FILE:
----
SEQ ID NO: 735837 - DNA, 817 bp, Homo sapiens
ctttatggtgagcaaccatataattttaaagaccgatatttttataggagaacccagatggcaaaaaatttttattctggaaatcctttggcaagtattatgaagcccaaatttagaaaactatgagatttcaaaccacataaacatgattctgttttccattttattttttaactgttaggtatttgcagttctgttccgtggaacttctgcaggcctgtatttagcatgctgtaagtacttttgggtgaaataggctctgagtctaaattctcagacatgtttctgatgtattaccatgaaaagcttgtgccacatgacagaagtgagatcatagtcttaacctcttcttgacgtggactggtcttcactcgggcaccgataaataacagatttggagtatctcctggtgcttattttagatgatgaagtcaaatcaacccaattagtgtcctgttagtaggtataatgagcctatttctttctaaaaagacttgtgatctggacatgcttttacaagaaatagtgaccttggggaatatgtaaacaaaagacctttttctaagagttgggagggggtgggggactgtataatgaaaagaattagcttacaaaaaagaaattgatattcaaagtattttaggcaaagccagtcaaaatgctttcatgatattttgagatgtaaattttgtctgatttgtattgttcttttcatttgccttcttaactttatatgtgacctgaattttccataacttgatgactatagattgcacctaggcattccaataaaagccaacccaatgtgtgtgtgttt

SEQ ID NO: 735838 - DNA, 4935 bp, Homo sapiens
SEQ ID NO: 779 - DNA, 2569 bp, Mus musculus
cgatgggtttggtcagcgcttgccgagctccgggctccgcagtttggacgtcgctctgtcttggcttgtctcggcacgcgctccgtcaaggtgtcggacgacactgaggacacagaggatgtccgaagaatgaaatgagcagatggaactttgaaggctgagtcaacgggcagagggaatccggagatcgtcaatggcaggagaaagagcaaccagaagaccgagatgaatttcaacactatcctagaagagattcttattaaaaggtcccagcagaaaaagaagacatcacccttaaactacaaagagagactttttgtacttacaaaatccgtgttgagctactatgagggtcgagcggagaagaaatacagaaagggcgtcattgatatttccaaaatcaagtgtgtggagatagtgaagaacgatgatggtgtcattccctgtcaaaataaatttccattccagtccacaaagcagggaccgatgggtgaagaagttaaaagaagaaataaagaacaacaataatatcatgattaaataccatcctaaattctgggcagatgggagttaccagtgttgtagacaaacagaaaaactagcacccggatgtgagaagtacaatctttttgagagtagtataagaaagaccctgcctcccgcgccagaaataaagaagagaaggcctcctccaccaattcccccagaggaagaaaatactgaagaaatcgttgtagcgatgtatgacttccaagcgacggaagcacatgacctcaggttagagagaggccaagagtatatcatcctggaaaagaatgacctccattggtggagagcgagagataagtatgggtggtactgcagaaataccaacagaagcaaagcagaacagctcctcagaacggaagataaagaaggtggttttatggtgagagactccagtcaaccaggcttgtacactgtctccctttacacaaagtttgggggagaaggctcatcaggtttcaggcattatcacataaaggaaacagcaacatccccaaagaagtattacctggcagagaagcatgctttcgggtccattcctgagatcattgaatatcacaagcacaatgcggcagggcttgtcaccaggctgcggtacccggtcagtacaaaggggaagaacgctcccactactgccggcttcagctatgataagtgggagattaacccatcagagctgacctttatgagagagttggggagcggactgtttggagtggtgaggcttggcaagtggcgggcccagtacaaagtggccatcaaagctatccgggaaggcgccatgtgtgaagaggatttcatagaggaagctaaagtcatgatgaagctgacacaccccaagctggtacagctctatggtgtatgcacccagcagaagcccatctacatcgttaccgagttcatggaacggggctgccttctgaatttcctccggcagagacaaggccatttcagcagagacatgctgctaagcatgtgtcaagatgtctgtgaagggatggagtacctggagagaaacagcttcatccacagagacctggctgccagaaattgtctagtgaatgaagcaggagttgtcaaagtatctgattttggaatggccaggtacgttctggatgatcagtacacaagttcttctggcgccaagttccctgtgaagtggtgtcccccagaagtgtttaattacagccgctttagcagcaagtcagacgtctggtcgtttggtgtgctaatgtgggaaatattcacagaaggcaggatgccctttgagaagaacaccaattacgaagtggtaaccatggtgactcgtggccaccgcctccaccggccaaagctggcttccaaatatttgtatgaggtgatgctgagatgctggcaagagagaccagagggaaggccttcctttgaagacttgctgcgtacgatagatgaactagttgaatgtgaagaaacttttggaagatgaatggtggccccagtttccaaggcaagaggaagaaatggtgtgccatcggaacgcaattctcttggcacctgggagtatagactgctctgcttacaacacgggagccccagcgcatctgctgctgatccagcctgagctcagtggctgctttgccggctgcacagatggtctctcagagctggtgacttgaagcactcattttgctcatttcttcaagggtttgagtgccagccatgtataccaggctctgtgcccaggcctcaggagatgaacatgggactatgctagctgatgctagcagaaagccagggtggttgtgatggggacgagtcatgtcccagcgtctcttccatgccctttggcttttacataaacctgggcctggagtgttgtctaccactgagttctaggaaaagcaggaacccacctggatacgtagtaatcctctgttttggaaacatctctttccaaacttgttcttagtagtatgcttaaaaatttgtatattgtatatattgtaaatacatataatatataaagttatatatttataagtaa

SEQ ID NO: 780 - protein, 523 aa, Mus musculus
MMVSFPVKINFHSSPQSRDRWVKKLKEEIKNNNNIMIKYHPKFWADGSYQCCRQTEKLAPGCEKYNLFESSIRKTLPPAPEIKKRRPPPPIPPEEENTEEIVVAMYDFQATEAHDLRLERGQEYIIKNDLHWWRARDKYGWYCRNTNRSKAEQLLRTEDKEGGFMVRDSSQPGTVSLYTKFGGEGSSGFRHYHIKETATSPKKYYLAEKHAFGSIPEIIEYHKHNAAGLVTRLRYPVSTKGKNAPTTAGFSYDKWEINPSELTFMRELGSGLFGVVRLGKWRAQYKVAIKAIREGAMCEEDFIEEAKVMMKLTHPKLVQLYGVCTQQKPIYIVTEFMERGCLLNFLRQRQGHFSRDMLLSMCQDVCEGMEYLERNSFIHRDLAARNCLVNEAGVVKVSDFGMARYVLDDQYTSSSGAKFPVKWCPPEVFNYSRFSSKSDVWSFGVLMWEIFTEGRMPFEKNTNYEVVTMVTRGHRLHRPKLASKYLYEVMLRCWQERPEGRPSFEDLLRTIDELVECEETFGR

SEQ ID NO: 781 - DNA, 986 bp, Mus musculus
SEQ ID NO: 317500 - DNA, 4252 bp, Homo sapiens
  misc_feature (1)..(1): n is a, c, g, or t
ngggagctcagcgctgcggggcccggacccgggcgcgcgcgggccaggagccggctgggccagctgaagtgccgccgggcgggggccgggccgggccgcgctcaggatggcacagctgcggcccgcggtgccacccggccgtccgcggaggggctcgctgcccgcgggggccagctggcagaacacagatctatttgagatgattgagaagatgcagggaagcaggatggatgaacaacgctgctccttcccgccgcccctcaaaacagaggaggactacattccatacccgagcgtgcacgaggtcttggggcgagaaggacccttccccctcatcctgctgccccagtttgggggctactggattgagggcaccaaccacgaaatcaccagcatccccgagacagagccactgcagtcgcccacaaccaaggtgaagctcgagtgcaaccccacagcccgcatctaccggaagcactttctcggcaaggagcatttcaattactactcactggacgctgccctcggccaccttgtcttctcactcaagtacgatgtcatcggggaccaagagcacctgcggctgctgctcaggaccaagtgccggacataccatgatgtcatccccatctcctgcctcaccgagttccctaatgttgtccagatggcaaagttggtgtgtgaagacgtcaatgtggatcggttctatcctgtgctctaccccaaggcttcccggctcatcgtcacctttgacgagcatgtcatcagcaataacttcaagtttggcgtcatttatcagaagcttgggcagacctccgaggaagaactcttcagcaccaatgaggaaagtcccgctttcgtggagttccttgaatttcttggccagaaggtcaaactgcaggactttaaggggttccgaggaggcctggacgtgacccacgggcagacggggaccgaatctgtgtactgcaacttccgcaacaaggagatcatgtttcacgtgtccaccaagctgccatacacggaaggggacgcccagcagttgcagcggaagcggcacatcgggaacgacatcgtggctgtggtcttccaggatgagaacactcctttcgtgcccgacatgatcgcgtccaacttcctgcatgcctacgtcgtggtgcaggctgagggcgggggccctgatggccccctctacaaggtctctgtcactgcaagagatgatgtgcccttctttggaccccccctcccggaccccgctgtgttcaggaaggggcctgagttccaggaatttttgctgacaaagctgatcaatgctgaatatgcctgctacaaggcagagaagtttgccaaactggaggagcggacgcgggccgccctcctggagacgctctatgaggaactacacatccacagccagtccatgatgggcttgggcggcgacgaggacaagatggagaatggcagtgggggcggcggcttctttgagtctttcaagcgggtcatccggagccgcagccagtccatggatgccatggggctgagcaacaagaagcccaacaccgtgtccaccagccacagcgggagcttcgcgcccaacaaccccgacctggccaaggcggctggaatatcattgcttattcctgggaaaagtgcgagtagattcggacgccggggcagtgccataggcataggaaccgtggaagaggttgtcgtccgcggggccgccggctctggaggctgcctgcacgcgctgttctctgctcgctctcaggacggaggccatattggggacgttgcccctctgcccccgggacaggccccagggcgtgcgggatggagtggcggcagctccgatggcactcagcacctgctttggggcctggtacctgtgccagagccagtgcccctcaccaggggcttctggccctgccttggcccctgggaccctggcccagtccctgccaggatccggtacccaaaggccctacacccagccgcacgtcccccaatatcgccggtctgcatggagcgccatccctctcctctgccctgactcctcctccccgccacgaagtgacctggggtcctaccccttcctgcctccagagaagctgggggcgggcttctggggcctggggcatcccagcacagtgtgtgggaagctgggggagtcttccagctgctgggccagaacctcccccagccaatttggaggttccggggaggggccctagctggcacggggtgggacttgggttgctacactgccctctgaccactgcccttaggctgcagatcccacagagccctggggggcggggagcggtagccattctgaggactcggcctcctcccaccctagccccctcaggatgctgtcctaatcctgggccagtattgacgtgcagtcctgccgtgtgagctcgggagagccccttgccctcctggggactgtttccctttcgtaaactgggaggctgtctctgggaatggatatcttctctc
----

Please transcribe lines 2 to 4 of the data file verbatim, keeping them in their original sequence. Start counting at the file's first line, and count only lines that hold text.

ctttatggtgagcaaccatataattttaaagaccgatatttttataggagaacccagatggcaaaaaatttttattctggaaatcctttggcaagtattatgaagcccaaatttagaaaactatgagatttcaaaccacataaacatgattctgttttccattttattttttaactgttaggtatttgcagttctgttccgtggaacttctgcaggcctgtatttagcatgctgtaagtacttttgggtgaaataggctctgagtctaaattctcagacatgtttctgatgtattaccatgaaaagcttgtgccacatgacagaagtgagatcatagtcttaacctcttcttgacgtggactggtcttcactcgggcaccgataaataacagatttggagtatctcctggtgcttattttagatgatgaagtcaaatcaacccaattagtgtcctgttagtaggtataatgagcctatttctttctaaaaagacttgtgatctggacatgcttttacaagaaatagtgaccttggggaatatgtaaacaaaagacctttttctaagagttgggagggggtgggggactgtataatgaaaagaattagcttacaaaaaagaaattgatattcaaagtattttaggcaaagccagtcaaaatgctttcatgatattttgagatgtaaattttgtctgatttgtattgttcttttcatttgccttcttaactttatatgtgacctgaattttccataacttgatgactatagattgcacctaggcattccaataaaagccaacccaatgtgtgtgtgttt

SEQ ID NO: 735838 - DNA, 4935 bp, Homo sapiens
SEQ ID NO: 779 - DNA, 2569 bp, Mus musculus